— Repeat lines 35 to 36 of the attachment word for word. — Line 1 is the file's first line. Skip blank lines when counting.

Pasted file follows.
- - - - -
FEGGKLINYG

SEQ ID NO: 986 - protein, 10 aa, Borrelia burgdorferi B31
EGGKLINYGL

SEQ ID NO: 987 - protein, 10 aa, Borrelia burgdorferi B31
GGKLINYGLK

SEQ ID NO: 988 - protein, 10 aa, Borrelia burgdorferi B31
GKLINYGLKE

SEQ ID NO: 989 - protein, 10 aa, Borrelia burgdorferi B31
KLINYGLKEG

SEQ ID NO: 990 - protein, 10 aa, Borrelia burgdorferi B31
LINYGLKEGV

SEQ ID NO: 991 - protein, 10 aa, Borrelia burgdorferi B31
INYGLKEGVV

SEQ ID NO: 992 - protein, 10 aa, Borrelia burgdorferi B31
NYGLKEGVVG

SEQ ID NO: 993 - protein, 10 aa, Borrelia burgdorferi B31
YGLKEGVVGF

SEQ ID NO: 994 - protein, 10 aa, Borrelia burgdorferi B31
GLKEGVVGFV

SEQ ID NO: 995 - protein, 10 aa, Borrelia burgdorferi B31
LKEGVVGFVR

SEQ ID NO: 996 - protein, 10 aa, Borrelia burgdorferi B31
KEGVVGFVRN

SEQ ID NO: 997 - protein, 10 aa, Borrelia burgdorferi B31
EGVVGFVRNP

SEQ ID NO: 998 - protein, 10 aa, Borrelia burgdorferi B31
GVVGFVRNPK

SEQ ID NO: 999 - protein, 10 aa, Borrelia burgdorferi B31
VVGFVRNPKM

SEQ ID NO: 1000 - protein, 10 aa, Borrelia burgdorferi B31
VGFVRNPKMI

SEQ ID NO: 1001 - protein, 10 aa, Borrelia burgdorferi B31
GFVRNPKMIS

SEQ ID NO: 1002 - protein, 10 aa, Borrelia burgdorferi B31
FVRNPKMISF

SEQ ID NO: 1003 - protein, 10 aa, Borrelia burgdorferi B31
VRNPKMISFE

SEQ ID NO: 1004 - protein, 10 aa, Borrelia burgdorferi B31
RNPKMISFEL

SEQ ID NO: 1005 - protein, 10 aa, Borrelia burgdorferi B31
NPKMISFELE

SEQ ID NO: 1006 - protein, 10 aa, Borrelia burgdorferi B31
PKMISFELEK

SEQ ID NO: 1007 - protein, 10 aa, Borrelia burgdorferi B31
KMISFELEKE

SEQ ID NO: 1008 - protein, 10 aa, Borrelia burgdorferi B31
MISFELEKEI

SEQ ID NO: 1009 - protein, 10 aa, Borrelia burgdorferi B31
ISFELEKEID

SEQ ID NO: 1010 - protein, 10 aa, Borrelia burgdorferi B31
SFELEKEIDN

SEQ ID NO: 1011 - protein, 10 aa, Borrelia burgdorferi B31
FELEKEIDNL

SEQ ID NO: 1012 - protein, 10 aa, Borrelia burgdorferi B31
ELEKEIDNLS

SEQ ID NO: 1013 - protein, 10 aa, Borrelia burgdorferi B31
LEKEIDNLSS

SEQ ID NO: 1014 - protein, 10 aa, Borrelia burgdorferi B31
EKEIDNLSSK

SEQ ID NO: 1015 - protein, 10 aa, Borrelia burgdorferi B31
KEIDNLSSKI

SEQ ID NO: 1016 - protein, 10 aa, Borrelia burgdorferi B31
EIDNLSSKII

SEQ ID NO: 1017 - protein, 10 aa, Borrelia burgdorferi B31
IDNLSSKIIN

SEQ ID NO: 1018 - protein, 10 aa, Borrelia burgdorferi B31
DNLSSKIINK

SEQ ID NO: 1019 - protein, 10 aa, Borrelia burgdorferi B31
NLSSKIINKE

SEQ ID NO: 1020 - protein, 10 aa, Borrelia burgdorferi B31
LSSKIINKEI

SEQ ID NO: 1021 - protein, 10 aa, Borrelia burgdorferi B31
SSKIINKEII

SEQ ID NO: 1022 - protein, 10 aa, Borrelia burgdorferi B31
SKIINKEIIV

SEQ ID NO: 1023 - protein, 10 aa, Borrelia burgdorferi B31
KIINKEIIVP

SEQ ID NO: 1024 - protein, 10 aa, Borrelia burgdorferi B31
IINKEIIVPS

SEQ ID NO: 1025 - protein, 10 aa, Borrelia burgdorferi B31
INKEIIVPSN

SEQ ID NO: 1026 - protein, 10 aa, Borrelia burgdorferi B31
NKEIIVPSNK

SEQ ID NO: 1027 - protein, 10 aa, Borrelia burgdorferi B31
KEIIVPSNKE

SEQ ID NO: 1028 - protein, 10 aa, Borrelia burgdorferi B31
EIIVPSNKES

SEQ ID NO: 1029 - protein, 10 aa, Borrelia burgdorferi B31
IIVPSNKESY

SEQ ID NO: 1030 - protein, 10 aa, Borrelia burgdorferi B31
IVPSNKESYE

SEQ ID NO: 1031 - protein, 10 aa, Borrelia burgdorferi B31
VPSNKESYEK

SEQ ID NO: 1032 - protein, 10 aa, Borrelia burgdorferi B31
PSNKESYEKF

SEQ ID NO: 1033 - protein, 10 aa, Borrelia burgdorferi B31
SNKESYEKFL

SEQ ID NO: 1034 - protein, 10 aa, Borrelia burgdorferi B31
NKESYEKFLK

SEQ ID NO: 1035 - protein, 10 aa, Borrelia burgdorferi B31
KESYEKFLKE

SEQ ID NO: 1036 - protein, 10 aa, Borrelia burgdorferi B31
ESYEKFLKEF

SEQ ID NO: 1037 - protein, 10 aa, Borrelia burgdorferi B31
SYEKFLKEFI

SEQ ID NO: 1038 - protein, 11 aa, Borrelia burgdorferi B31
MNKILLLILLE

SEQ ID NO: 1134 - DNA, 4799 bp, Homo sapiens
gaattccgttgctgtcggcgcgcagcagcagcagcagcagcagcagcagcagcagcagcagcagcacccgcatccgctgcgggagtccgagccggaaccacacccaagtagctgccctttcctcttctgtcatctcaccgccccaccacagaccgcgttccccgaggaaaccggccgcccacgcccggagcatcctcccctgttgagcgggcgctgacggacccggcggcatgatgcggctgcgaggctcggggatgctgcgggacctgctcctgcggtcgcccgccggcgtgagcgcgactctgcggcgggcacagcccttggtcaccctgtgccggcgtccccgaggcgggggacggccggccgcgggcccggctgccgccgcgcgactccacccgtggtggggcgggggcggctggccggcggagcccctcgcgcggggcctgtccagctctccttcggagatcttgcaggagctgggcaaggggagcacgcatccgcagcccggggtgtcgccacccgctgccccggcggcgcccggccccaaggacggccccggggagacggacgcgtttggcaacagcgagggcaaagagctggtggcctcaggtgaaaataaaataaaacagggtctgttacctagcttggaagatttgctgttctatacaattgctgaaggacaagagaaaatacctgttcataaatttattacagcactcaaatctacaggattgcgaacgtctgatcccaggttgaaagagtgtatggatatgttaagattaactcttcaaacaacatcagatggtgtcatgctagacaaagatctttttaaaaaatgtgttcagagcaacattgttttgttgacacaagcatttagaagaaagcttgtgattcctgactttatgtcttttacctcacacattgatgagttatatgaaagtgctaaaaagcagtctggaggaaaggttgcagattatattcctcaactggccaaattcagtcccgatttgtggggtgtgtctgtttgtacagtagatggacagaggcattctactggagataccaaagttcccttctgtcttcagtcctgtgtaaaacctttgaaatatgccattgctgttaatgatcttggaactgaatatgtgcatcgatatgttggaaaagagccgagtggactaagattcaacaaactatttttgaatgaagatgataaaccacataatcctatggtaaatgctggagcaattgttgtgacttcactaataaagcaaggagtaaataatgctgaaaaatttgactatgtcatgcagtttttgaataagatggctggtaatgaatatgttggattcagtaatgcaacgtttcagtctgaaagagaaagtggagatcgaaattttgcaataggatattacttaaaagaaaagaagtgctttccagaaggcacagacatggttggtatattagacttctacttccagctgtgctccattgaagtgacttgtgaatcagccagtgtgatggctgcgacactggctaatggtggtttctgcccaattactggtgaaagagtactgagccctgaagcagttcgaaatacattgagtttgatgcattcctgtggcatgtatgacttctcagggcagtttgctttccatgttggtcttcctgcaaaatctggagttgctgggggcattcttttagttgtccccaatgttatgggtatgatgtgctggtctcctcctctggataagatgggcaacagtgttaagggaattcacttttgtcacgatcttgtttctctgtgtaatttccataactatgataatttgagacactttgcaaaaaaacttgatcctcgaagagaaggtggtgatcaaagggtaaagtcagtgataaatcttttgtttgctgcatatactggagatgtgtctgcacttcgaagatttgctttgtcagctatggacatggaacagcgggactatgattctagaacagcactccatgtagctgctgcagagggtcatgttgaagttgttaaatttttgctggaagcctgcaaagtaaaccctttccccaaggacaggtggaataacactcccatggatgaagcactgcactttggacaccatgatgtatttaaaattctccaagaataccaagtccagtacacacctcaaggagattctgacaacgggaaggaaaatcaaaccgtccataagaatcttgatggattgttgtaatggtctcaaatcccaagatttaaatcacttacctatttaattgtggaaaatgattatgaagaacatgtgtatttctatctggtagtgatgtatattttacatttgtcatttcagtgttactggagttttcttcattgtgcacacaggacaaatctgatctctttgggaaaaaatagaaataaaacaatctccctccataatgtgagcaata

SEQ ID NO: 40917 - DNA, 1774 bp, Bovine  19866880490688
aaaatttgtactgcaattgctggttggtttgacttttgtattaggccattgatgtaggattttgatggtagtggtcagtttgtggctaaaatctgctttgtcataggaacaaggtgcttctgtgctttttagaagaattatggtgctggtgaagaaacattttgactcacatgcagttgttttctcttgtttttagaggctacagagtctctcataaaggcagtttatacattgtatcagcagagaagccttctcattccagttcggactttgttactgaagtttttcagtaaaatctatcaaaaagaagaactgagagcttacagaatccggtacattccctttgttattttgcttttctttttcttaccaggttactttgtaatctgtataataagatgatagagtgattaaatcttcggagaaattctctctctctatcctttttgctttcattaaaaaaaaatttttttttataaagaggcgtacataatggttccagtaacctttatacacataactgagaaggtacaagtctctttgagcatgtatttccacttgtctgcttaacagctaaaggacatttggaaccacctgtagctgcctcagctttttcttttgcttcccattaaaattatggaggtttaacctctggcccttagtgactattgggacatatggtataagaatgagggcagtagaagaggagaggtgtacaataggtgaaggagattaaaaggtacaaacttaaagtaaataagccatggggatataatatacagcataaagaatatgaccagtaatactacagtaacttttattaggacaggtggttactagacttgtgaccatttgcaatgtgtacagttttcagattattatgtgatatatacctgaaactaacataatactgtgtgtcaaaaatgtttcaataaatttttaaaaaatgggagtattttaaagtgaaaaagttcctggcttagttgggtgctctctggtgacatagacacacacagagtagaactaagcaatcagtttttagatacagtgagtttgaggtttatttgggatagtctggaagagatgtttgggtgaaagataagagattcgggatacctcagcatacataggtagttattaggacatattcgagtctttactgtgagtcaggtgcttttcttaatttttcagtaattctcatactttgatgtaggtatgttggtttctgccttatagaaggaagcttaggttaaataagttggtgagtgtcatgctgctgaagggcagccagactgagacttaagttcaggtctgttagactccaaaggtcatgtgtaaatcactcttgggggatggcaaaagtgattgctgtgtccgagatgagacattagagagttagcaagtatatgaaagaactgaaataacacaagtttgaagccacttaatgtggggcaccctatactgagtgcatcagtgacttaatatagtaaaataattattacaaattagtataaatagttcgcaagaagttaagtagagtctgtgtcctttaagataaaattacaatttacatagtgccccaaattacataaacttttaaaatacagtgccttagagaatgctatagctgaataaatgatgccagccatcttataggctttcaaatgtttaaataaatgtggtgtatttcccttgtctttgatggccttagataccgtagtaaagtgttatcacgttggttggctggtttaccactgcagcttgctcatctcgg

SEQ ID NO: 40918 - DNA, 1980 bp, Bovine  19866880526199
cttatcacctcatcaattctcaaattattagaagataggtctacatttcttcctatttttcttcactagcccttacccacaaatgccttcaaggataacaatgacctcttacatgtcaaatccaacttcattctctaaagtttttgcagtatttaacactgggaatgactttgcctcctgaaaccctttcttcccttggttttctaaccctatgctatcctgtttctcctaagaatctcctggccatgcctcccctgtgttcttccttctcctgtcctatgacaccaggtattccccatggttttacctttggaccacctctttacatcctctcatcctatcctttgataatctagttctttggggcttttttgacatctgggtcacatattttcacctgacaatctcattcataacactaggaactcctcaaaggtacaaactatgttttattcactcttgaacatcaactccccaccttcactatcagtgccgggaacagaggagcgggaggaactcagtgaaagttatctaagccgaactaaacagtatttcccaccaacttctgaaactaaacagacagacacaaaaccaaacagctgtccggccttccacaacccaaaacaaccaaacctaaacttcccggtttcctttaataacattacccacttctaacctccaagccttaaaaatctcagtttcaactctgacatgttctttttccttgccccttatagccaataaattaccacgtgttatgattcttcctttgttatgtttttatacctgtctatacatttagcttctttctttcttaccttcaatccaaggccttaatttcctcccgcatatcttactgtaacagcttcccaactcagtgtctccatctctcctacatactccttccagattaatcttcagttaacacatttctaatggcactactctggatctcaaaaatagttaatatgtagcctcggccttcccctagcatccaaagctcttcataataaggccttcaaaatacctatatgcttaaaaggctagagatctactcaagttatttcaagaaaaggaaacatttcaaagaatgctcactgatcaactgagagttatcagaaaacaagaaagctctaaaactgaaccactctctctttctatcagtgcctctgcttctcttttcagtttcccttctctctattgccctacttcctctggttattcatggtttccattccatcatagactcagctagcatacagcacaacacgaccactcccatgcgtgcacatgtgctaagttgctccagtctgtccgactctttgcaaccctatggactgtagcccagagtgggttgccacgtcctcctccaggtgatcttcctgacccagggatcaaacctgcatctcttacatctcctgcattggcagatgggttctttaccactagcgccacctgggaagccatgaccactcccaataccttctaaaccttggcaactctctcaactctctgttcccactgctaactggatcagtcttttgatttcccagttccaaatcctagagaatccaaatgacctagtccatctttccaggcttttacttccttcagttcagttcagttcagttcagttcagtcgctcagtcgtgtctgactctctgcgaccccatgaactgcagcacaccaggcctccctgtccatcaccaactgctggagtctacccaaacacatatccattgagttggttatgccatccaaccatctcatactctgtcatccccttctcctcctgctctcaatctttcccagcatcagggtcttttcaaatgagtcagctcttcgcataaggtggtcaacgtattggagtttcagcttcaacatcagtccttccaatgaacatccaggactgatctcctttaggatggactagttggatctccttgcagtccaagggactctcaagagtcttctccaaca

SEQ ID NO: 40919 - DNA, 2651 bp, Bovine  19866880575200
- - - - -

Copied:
FVRNPKMISF

SEQ ID NO: 1003 - protein, 10 aa, Borrelia burgdorferi B31